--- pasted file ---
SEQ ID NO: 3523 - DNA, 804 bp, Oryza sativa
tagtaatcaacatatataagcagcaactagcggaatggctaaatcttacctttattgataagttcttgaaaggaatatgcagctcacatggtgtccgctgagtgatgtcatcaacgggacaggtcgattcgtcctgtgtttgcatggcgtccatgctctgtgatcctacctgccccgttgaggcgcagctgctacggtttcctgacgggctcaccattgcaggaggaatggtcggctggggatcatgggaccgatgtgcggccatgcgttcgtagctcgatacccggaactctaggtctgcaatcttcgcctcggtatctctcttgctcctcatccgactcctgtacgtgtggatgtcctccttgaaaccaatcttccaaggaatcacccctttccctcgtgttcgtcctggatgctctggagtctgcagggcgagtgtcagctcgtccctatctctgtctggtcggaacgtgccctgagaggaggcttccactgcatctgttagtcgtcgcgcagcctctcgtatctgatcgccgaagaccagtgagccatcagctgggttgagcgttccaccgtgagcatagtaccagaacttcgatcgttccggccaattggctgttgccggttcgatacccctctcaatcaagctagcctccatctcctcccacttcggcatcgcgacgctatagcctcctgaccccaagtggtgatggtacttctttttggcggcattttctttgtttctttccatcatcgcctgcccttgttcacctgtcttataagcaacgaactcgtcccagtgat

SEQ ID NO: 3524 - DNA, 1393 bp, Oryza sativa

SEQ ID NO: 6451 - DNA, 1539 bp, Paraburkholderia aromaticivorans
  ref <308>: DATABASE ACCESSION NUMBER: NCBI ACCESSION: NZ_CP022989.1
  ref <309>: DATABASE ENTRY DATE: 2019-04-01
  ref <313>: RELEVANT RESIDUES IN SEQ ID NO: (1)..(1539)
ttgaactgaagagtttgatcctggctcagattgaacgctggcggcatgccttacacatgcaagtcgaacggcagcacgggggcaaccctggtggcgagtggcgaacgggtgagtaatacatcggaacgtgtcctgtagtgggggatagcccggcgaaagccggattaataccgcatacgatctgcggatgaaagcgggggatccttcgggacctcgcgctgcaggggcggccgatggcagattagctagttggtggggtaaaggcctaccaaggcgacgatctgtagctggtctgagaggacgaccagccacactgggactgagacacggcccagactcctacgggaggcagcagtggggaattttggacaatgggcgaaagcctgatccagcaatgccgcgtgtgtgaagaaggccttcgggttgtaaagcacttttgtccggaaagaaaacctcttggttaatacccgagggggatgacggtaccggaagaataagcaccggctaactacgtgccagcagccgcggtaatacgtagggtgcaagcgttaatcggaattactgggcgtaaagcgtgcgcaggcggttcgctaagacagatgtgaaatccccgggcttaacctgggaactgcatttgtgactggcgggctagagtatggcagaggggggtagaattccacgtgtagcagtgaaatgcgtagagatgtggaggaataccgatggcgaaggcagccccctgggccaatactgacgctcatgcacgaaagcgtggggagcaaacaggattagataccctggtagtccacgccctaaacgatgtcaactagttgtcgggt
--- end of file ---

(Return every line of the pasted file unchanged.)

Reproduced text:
SEQ ID NO: 3523 - DNA, 804 bp, Oryza sativa
tagtaatcaacatatataagcagcaactagcggaatggctaaatcttacctttattgataagttcttgaaaggaatatgcagctcacatggtgtccgctgagtgatgtcatcaacgggacaggtcgattcgtcctgtgtttgcatggcgtccatgctctgtgatcctacctgccccgttgaggcgcagctgctacggtttcctgacgggctcaccattgcaggaggaatggtcggctggggatcatgggaccgatgtgcggccatgcgttcgtagctcgatacccggaactctaggtctgcaatcttcgcctcggtatctctcttgctcctcatccgactcctgtacgtgtggatgtcctccttgaaaccaatcttccaaggaatcacccctttccctcgtgttcgtcctggatgctctggagtctgcagggcgagtgtcagctcgtccctatctctgtctggtcggaacgtgccctgagaggaggcttccactgcatctgttagtcgtcgcgcagcctctcgtatctgatcgccgaagaccagtgagccatcagctgggttgagcgttccaccgtgagcatagtaccagaacttcgatcgttccggccaattggctgttgccggttcgatacccctctcaatcaagctagcctccatctcctcccacttcggcatcgcgacgctatagcctcctgaccccaagtggtgatggtacttctttttggcggcattttctttgtttctttccatcatcgcctgcccttgttcacctgtcttataagcaacgaactcgtcccagtgat

SEQ ID NO: 3524 - DNA, 1393 bp, Oryza sativa

SEQ ID NO: 6451 - DNA, 1539 bp, Paraburkholderia aromaticivorans
  ref <308>: DATABASE ACCESSION NUMBER: NCBI ACCESSION: NZ_CP022989.1
  ref <309>: DATABASE ENTRY DATE: 2019-04-01
  ref <313>: RELEVANT RESIDUES IN SEQ ID NO: (1)..(1539)
ttgaactgaagagtttgatcctggctcagattgaacgctggcggcatgccttacacatgcaagtcgaacggcagcacgggggcaaccctggtggcgagtggcgaacgggtgagtaatacatcggaacgtgtcctgtagtgggggatagcccggcgaaagccggattaataccgcatacgatctgcggatgaaagcgggggatccttcgggacctcgcgctgcaggggcggccgatggcagattagctagttggtggggtaaaggcctaccaaggcgacgatctgtagctggtctgagaggacgaccagccacactgggactgagacacggcccagactcctacgggaggcagcagtggggaattttggacaatgggcgaaagcctgatccagcaatgccgcgtgtgtgaagaaggccttcgggttgtaaagcacttttgtccggaaagaaaacctcttggttaatacccgagggggatgacggtaccggaagaataagcaccggctaactacgtgccagcagccgcggtaatacgtagggtgcaagcgttaatcggaattactgggcgtaaagcgtgcgcaggcggttcgctaagacagatgtgaaatccccgggcttaacctgggaactgcatttgtgactggcgggctagagtatggcagaggggggtagaattccacgtgtagcagtgaaatgcgtagagatgtggaggaataccgatggcgaaggcagccccctgggccaatactgacgctcatgcacgaaagcgtggggagcaaacaggattagataccctggtagtccacgccctaaacgatgtcaactagttgtcgggt